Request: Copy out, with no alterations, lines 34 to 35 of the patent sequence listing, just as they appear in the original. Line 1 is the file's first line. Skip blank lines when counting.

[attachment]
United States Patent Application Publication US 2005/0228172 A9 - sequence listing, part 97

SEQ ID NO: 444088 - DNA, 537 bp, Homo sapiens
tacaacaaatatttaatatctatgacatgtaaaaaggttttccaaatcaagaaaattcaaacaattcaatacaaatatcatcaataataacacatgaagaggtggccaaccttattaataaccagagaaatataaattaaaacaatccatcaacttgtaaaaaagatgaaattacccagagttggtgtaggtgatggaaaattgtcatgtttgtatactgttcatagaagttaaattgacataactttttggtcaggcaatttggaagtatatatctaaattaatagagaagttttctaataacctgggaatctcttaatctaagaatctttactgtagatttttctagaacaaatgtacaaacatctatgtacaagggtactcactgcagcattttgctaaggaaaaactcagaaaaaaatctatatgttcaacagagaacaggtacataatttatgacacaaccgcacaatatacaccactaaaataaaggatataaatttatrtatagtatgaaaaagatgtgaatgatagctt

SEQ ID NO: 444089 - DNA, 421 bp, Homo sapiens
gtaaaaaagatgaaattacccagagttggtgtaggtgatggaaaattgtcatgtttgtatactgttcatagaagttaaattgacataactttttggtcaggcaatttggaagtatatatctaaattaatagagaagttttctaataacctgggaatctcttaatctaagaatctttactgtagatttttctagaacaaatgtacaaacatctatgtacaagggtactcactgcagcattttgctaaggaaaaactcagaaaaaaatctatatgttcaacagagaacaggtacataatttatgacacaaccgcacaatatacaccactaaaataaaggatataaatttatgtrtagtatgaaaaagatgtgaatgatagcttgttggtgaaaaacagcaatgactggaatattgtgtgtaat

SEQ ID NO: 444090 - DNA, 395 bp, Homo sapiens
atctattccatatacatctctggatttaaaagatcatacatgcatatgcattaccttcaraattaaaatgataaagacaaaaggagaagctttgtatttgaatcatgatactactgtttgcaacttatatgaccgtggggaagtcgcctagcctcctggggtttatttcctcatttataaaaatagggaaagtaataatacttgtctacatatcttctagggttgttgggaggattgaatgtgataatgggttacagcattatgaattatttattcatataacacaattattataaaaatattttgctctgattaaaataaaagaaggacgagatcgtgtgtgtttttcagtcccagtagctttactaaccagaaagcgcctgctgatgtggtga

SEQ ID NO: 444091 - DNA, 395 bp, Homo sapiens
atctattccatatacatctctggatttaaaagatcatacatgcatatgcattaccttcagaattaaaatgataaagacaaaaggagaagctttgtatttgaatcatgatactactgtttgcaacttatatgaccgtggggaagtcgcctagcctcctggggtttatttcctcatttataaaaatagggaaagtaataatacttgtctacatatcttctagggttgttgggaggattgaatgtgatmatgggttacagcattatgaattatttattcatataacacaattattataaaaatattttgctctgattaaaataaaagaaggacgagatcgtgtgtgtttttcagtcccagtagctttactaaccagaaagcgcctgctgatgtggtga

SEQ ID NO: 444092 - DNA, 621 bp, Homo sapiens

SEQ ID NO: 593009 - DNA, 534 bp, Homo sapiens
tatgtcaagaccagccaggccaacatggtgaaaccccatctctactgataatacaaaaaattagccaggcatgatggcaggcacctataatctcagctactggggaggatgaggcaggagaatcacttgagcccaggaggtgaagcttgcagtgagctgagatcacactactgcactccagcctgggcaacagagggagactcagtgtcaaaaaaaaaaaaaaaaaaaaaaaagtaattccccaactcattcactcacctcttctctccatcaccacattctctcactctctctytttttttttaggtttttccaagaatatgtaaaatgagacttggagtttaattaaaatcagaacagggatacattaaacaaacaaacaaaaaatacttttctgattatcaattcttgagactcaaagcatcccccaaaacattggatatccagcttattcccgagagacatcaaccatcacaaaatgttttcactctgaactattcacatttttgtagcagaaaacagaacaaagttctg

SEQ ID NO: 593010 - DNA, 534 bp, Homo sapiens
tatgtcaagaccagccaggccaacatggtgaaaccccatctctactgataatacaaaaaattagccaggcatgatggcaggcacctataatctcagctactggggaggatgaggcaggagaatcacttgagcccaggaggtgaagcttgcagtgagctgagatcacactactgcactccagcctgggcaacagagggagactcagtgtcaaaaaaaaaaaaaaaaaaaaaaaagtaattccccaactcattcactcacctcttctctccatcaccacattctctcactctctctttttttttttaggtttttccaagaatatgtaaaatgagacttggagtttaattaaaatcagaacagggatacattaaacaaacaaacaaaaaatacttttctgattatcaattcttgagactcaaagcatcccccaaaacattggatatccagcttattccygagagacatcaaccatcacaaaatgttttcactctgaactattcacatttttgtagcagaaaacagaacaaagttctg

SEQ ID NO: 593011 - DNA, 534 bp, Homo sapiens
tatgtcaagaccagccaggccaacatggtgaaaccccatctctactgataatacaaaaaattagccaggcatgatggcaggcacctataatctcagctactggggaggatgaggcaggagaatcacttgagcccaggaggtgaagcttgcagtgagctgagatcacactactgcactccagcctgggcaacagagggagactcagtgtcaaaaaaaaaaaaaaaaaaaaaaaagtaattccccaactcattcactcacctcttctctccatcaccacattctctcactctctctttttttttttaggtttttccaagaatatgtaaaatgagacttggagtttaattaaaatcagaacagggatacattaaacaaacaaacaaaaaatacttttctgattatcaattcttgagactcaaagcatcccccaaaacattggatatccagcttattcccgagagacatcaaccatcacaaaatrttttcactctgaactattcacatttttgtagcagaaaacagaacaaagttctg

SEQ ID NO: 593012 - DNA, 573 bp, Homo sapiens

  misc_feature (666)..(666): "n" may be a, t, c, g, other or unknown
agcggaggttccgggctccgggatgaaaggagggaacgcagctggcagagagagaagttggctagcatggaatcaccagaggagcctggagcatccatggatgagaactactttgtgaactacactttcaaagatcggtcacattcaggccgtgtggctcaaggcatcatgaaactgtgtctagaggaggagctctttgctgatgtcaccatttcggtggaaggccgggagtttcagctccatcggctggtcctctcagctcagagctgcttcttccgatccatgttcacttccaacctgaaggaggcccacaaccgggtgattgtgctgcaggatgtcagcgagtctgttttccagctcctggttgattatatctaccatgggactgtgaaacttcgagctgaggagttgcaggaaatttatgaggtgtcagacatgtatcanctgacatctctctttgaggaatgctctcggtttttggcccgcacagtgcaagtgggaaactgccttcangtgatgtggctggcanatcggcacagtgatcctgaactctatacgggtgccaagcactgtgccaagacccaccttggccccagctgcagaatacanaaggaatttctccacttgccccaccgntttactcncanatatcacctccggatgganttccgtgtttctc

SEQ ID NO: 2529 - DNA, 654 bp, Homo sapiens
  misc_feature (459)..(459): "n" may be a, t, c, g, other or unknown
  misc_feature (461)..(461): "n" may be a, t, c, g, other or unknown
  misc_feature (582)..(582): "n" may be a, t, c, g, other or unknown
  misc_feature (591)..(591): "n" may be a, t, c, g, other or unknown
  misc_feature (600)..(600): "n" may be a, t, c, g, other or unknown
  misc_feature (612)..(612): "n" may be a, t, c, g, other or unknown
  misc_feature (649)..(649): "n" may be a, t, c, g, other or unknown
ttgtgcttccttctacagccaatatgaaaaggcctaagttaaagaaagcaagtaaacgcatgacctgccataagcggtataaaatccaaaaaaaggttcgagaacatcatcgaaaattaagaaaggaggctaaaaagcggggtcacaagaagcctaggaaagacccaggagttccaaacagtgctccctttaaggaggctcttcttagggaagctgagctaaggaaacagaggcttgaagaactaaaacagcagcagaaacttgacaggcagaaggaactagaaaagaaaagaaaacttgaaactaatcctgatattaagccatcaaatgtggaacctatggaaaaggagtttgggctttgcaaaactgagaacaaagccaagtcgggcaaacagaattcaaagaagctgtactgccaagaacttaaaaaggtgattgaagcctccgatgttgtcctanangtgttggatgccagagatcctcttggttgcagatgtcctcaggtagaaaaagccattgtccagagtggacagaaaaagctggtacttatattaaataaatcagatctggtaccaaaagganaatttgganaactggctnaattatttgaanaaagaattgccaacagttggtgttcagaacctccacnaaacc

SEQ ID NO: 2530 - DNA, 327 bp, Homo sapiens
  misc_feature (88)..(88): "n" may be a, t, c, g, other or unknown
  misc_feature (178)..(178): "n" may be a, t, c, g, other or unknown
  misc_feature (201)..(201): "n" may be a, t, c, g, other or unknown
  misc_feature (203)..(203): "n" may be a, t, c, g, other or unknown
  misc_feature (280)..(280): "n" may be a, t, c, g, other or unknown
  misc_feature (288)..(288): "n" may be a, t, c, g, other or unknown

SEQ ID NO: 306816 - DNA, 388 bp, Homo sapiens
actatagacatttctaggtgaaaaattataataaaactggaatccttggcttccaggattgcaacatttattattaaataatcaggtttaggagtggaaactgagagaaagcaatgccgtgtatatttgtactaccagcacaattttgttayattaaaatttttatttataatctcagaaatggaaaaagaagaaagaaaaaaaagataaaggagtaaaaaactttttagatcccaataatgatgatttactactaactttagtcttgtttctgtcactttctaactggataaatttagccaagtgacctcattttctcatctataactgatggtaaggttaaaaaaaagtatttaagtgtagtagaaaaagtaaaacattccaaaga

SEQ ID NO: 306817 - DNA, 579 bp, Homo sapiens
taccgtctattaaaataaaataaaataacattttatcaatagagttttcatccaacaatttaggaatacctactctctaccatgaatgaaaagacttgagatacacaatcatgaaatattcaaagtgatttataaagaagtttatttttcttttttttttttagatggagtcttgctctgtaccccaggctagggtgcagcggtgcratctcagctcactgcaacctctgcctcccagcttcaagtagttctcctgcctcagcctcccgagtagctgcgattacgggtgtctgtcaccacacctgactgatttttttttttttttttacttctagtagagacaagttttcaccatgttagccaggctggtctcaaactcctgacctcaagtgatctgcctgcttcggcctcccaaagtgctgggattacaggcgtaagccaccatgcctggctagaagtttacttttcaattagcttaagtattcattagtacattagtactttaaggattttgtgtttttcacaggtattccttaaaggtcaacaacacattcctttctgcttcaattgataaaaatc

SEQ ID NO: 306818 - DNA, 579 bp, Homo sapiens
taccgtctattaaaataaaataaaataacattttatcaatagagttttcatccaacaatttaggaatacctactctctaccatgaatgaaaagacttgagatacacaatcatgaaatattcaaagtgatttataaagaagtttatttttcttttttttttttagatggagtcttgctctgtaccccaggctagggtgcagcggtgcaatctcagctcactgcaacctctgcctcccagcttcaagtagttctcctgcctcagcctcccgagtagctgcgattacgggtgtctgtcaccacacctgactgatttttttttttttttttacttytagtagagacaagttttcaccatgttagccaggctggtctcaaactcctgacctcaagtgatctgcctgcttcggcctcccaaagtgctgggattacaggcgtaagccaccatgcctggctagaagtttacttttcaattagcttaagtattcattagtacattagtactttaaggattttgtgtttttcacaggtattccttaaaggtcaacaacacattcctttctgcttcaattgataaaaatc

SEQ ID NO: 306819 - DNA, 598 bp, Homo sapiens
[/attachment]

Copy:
  misc_feature (280)..(280): "n" may be a, t, c, g, other or unknown
  misc_feature (288)..(288): "n" may be a, t, c, g, other or unknown